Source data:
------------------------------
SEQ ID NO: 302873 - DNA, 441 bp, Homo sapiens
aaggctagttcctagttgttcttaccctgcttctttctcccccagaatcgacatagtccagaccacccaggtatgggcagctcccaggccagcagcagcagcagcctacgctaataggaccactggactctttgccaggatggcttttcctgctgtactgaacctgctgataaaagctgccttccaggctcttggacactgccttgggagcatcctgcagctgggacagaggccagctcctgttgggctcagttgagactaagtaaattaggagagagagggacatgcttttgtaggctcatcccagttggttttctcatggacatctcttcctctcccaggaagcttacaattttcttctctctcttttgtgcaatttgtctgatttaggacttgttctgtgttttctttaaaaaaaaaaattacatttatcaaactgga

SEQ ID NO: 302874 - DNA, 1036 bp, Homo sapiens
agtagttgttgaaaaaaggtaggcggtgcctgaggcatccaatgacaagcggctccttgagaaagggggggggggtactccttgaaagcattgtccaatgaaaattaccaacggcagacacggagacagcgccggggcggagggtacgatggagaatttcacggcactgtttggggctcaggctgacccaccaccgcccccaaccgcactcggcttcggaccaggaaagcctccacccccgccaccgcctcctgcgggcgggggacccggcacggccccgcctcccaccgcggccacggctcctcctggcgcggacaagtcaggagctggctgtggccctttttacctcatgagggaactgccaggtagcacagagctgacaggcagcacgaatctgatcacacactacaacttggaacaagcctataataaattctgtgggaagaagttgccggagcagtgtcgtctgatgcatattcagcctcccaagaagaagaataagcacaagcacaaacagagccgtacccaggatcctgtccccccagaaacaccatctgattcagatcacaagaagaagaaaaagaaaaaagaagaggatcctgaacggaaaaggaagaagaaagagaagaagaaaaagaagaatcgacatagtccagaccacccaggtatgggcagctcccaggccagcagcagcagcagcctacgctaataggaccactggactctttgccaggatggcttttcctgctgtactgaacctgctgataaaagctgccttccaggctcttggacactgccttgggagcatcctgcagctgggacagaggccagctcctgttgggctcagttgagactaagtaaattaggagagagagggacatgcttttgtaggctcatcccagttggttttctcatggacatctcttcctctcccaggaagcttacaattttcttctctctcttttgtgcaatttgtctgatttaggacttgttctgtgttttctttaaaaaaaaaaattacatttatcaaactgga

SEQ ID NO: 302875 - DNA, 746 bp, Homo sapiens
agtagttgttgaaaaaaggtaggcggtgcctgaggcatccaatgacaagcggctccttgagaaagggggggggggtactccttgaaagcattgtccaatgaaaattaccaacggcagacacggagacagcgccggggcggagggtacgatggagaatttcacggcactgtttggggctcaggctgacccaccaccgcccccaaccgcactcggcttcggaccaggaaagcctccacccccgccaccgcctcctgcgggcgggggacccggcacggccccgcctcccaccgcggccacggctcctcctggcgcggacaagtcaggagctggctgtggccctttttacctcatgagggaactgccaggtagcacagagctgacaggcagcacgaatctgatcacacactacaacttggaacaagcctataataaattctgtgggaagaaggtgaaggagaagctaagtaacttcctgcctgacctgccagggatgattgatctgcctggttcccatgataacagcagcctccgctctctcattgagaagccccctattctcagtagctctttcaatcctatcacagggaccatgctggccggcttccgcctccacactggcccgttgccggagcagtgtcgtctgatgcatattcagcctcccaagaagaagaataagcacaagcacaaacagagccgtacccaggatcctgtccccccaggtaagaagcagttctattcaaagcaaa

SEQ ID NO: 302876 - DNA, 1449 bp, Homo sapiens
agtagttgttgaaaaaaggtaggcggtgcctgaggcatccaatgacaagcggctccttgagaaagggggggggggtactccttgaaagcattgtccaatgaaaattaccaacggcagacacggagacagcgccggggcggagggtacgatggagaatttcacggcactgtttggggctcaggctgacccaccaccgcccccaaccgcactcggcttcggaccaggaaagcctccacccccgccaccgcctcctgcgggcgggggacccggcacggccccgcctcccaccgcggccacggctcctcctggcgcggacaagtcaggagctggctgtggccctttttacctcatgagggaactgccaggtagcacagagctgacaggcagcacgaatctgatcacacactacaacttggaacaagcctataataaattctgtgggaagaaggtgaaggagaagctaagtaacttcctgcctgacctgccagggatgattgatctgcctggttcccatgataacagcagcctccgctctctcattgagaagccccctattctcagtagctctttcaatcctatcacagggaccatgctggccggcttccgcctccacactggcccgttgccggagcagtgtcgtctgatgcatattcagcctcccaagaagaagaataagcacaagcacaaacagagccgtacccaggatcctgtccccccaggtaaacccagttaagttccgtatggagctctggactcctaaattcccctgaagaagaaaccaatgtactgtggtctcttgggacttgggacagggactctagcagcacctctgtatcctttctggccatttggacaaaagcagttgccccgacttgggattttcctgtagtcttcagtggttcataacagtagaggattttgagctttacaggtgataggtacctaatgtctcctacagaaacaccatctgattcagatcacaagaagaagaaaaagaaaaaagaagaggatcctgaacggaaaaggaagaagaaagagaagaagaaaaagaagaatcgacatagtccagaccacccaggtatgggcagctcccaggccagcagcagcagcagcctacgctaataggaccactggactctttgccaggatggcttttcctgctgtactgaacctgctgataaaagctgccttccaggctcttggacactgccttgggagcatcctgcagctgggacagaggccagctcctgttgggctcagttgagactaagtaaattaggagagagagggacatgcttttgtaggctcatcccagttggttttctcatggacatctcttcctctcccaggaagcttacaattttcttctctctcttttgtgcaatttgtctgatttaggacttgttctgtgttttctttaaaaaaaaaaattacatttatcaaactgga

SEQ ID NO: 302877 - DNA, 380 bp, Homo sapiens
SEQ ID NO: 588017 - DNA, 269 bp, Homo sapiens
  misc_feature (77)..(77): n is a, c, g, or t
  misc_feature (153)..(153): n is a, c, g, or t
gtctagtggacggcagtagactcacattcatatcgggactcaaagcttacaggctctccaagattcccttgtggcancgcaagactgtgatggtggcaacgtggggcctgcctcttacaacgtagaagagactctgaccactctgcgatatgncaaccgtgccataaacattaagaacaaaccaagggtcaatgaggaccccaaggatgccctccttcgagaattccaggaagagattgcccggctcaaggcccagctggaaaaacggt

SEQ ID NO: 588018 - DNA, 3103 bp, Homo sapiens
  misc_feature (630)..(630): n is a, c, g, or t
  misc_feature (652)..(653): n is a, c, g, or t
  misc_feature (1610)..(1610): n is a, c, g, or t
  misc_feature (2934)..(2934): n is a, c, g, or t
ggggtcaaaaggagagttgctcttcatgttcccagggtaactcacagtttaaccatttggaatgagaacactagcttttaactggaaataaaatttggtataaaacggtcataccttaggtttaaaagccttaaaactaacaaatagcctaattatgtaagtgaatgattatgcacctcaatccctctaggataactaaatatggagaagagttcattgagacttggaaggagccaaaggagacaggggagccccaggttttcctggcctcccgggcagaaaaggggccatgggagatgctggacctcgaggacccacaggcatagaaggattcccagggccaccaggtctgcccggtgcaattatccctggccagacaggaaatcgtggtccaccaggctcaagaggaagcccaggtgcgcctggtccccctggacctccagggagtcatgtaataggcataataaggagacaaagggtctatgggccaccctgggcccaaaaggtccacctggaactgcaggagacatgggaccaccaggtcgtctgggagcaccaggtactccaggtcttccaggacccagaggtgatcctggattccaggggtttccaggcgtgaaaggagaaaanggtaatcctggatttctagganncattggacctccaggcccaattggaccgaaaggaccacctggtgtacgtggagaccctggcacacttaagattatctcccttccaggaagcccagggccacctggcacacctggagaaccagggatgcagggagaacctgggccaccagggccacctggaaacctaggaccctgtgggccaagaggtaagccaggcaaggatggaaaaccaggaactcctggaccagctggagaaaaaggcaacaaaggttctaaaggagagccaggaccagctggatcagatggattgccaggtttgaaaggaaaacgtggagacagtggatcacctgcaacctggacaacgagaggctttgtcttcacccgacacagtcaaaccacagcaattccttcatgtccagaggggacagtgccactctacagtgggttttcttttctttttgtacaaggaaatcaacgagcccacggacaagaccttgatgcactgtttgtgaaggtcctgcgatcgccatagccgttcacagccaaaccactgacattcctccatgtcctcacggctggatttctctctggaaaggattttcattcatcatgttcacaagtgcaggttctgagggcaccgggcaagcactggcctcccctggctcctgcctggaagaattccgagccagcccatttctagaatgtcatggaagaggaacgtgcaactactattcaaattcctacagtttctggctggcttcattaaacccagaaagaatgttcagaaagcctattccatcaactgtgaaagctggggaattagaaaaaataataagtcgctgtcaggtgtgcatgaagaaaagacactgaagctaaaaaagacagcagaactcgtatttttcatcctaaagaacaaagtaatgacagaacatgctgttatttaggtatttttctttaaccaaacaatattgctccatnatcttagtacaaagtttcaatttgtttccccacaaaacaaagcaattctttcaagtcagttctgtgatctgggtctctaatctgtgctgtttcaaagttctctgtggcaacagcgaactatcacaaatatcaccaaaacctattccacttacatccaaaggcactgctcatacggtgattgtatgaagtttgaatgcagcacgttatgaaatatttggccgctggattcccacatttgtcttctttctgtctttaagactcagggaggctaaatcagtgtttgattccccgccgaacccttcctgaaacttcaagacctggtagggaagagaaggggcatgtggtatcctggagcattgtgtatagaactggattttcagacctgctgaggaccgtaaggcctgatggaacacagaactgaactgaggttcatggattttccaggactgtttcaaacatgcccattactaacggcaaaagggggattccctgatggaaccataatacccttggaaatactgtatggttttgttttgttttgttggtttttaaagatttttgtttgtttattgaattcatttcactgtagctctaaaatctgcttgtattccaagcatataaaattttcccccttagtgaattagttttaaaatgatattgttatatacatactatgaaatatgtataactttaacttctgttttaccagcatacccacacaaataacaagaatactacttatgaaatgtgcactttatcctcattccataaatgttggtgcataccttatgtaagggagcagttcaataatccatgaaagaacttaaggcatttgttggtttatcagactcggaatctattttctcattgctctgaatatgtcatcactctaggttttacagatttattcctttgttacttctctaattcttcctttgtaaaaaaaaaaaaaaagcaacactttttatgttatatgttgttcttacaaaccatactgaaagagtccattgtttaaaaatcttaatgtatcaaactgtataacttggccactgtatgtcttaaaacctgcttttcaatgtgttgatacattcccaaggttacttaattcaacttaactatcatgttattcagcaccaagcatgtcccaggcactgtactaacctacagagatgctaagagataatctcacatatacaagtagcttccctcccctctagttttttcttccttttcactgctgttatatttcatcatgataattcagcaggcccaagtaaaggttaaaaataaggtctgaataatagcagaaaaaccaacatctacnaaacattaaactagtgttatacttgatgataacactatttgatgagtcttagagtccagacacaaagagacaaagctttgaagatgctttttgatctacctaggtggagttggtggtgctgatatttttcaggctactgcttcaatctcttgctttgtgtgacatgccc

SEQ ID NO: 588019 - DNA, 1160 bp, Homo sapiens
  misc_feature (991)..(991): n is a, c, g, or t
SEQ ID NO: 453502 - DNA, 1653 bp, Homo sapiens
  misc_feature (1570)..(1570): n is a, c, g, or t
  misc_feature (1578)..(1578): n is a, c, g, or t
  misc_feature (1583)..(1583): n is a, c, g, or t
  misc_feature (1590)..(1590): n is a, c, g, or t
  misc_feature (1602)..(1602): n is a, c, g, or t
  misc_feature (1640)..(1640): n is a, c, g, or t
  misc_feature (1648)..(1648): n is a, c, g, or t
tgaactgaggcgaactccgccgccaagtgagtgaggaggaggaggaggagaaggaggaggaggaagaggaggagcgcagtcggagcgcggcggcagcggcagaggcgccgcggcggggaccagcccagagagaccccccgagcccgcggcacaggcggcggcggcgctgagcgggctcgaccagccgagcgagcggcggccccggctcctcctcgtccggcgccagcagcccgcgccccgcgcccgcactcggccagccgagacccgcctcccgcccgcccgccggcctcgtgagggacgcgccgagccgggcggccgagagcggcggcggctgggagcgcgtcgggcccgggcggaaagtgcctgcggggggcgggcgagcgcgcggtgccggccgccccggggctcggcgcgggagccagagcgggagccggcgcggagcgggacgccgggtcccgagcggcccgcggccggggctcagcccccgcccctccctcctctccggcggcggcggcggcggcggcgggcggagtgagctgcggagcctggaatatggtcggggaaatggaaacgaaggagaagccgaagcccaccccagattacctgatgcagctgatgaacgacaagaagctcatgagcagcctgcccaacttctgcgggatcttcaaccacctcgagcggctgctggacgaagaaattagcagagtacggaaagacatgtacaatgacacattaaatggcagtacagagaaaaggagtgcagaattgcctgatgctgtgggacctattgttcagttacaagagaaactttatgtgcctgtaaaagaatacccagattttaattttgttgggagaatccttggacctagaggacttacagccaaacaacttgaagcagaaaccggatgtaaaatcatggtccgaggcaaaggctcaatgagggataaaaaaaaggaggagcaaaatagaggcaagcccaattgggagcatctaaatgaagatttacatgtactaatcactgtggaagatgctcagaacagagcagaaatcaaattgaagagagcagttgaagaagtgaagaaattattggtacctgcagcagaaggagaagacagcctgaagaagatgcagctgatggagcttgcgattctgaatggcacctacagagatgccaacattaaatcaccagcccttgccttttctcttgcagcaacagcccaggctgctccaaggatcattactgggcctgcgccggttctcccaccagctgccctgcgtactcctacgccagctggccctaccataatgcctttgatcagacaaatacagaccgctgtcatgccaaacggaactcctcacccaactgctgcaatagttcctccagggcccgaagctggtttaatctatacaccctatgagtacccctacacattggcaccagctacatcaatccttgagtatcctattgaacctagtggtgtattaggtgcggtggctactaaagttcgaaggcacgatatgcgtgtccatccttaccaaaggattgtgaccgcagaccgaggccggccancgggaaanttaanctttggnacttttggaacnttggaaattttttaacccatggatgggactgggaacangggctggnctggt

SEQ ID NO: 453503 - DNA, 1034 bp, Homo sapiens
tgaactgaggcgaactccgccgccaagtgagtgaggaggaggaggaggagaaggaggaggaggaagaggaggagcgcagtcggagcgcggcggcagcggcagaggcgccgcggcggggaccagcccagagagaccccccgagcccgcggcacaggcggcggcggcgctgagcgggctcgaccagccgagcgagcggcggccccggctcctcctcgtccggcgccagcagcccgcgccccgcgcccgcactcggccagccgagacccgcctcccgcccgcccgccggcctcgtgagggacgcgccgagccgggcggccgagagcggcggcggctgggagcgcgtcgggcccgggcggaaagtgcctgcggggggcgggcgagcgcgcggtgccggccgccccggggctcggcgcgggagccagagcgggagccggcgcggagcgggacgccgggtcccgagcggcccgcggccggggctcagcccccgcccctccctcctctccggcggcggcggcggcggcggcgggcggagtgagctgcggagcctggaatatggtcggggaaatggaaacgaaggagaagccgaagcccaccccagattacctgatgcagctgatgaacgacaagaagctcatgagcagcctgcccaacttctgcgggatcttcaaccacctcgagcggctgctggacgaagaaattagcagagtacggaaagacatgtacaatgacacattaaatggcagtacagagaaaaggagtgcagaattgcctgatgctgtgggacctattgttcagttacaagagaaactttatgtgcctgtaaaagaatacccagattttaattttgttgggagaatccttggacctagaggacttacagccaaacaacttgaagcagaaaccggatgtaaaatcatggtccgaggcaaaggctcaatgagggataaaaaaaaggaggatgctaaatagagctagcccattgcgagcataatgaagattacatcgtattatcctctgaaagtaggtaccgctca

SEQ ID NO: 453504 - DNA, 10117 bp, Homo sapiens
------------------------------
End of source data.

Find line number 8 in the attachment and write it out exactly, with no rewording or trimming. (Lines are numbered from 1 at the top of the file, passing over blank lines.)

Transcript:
agtagttgttgaaaaaaggtaggcggtgcctgaggcatccaatgacaagcggctccttgagaaagggggggggggtactccttgaaagcattgtccaatgaaaattaccaacggcagacacggagacagcgccggggcggagggtacgatggagaatttcacggcactgtttggggctcaggctgacccaccaccgcccccaaccgcactcggcttcggaccaggaaagcctccacccccgccaccgcctcctgcgggcgggggacccggcacggccccgcctcccaccgcggccacggctcctcctggcgcggacaagtcaggagctggctgtggccctttttacctcatgagggaactgccaggtagcacagagctgacaggcagcacgaatctgatcacacactacaacttggaacaagcctataataaattctgtgggaagaaggtgaaggagaagctaagtaacttcctgcctgacctgccagggatgattgatctgcctggttcccatgataacagcagcctccgctctctcattgagaagccccctattctcagtagctctttcaatcctatcacagggaccatgctggccggcttccgcctccacactggcccgttgccggagcagtgtcgtctgatgcatattcagcctcccaagaagaagaataagcacaagcacaaacagagccgtacccaggatcctgtccccccaggtaaacccagttaagttccgtatggagctctggactcctaaattcccctgaagaagaaaccaatgtactgtggtctcttgggacttgggacagggactctagcagcacctctgtatcctttctggccatttggacaaaagcagttgccccgacttgggattttcctgtagtcttcagtggttcataacagtagaggattttgagctttacaggtgataggtacctaatgtctcctacagaaacaccatctgattcagatcacaagaagaagaaaaagaaaaaagaagaggatcctgaacggaaaaggaagaagaaagagaagaagaaaaagaagaatcgacatagtccagaccacccaggtatgggcagctcccaggccagcagcagcagcagcctacgctaataggaccactggactctttgccaggatggcttttcctgctgtactgaacctgctgataaaagctgccttccaggctcttggacactgccttgggagcatcctgcagctgggacagaggccagctcctgttgggctcagttgagactaagtaaattaggagagagagggacatgcttttgtaggctcatcccagttggttttctcatggacatctcttcctctcccaggaagcttacaattttcttctctctcttttgtgcaatttgtctgatttaggacttgttctgtgttttctttaaaaaaaaaaattacatttatcaaactgga